Menudo for Breakfast
I had to post this picture, even though it's not very good and has nothing to do with menudo. As I was driving along US-80, I had a lot of time to think about corn. Something magical about it-- think of Steven King's The Stand, that baseball movie (can't think of its name--if Kevin Costner built built it, they would come), Children of the Corn...I thought of more examples, but have forgotten. Anyway, corn is somehow mezmerizing, mysterious, mythical. Has this to do with our country's history-- the first gift to Europeans was supposed to have been maize, right? Or is it just that the fields of corn go on and on, covering the land, muffling the earth, hiding...what? We plant all that corn, then seem to be a little uneasy at what we hath wrought.
A few years ago, in another trip cross country, my daughter and I drove from Cleveland to Portland on probably the least direct route: we drove down to Nashville and then took Rte. 40 all the way to Arizona (I think that's where we left 40). The part of our trip that passed through Texas was miserable. A truck had flipped over, spilled fuel, and exploded. Fire spread along the sides of the road and median strip, but we were stuck there, held in place by traffic, not sure if we too were going to catch fire, not sure what had happened to the driver. We were finally able to move on and determined to get out of Texas, but we were too tired and had to spend the night in a horrible town that smelled of oil fire. So we got up early the next morning, got back on 40 and sped towards New Mexico.
Everything seemed to change after we crossed the state line. The landscape turned beautiful, and the sun rising behind us cast a shadow of our car on nearby mesas-- we looked so swift and airy! We were hungry, so we stopped at the first town. Tucumcari, I think. We wanted Mexican food and weren't sure we were going to find any at 7:00 in the morning, but a place called Raul's was open and we became the only customers. On the breakfast menu, there was a listing of the usual assortment--eggs and sausage and potatoes--but also this: "Menudo, Breakfast of Champions!" And even though menudo is a spicy tripe stew and not eggs, it was sort of something we had to do. The waiter came out and asked where we were from, then walked away shaking his head, muttering, "Two girls from Cleveland who want menudo for breakfast!"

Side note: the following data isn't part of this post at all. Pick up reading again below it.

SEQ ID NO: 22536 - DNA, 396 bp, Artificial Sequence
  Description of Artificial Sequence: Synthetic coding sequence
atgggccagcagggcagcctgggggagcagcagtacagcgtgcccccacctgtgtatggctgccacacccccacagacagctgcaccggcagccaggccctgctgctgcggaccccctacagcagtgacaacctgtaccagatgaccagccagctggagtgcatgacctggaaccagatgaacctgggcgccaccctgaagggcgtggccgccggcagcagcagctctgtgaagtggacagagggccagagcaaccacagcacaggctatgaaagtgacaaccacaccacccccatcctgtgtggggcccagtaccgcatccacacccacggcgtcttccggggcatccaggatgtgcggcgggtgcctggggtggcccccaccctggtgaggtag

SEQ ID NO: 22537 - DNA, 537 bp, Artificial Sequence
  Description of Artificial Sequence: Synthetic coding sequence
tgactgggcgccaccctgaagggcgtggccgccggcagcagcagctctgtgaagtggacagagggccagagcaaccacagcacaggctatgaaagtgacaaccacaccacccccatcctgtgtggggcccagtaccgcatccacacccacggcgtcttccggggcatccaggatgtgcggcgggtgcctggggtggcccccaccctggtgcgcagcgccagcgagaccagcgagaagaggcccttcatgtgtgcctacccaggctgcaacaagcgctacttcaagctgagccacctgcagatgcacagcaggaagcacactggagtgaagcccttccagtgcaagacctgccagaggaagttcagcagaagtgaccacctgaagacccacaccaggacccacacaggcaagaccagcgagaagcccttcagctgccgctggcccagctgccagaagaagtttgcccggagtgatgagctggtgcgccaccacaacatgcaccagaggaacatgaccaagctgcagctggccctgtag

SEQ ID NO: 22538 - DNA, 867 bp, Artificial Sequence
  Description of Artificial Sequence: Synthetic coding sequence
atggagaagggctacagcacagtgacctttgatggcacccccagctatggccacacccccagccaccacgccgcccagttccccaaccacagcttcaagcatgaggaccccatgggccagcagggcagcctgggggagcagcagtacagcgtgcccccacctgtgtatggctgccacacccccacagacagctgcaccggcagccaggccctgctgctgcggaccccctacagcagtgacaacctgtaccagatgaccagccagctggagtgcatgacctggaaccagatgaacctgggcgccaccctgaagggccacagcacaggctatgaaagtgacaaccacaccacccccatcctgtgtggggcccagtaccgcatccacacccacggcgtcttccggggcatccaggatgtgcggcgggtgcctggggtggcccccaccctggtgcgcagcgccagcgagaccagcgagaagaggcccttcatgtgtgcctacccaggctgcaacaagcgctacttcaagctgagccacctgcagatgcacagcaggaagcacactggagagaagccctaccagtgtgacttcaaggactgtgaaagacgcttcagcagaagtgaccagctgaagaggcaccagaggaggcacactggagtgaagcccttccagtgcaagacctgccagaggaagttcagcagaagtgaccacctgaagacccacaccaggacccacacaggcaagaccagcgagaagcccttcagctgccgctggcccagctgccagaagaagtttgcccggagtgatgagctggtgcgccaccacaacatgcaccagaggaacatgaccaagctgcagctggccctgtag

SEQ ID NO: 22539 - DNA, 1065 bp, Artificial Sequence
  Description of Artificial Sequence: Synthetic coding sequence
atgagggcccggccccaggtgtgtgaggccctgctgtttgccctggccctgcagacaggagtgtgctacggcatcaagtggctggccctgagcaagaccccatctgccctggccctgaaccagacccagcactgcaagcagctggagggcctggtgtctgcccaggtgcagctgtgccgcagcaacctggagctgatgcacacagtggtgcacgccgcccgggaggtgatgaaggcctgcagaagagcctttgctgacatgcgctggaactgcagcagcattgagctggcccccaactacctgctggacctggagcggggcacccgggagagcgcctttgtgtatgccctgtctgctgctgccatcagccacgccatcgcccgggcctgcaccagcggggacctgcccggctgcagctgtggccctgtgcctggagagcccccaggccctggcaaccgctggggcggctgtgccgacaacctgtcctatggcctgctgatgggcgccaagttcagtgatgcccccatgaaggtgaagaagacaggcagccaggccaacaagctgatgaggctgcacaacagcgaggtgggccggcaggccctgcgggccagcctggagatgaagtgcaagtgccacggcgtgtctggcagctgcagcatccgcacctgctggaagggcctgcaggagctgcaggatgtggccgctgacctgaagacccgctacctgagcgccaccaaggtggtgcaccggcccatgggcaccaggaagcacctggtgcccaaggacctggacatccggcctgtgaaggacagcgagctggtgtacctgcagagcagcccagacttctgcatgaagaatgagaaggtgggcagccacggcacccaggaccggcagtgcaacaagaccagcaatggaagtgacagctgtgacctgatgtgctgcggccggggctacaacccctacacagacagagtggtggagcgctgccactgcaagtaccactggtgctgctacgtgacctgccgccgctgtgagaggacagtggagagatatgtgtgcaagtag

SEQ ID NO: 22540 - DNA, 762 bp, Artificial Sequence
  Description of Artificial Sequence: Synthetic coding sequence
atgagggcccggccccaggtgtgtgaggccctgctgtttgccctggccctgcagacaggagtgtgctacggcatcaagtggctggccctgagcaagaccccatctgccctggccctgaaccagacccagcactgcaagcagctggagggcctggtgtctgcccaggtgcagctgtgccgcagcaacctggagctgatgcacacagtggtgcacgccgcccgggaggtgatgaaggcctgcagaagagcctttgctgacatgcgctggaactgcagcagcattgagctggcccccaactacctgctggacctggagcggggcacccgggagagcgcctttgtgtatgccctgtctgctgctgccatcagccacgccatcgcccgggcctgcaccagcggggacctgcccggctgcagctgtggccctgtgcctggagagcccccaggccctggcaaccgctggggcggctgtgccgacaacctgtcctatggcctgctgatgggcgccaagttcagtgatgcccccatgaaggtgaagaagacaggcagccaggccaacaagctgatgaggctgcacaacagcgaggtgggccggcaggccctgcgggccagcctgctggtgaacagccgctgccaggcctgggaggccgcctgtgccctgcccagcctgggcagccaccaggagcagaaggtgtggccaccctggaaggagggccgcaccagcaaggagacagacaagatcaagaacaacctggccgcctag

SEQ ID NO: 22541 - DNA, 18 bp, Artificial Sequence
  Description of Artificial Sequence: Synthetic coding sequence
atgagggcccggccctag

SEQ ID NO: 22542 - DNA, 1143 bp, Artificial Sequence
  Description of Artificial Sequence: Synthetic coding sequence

Why mention this now? Well, I like thinking about it-- a great memory as well as great menudo--and I hoped something like this would happen on my recent trip. Not so. The food was uniformly bad along the road. I decided that towns should put out a sign listing all the local eateries as well as the big Mac type places for those of us who want to patronize local businesses. I also thought there should be travel books-- like the AAA guides-- that highlight local motels and restaurants, not just the chains.
I wouldn't mind that assignment!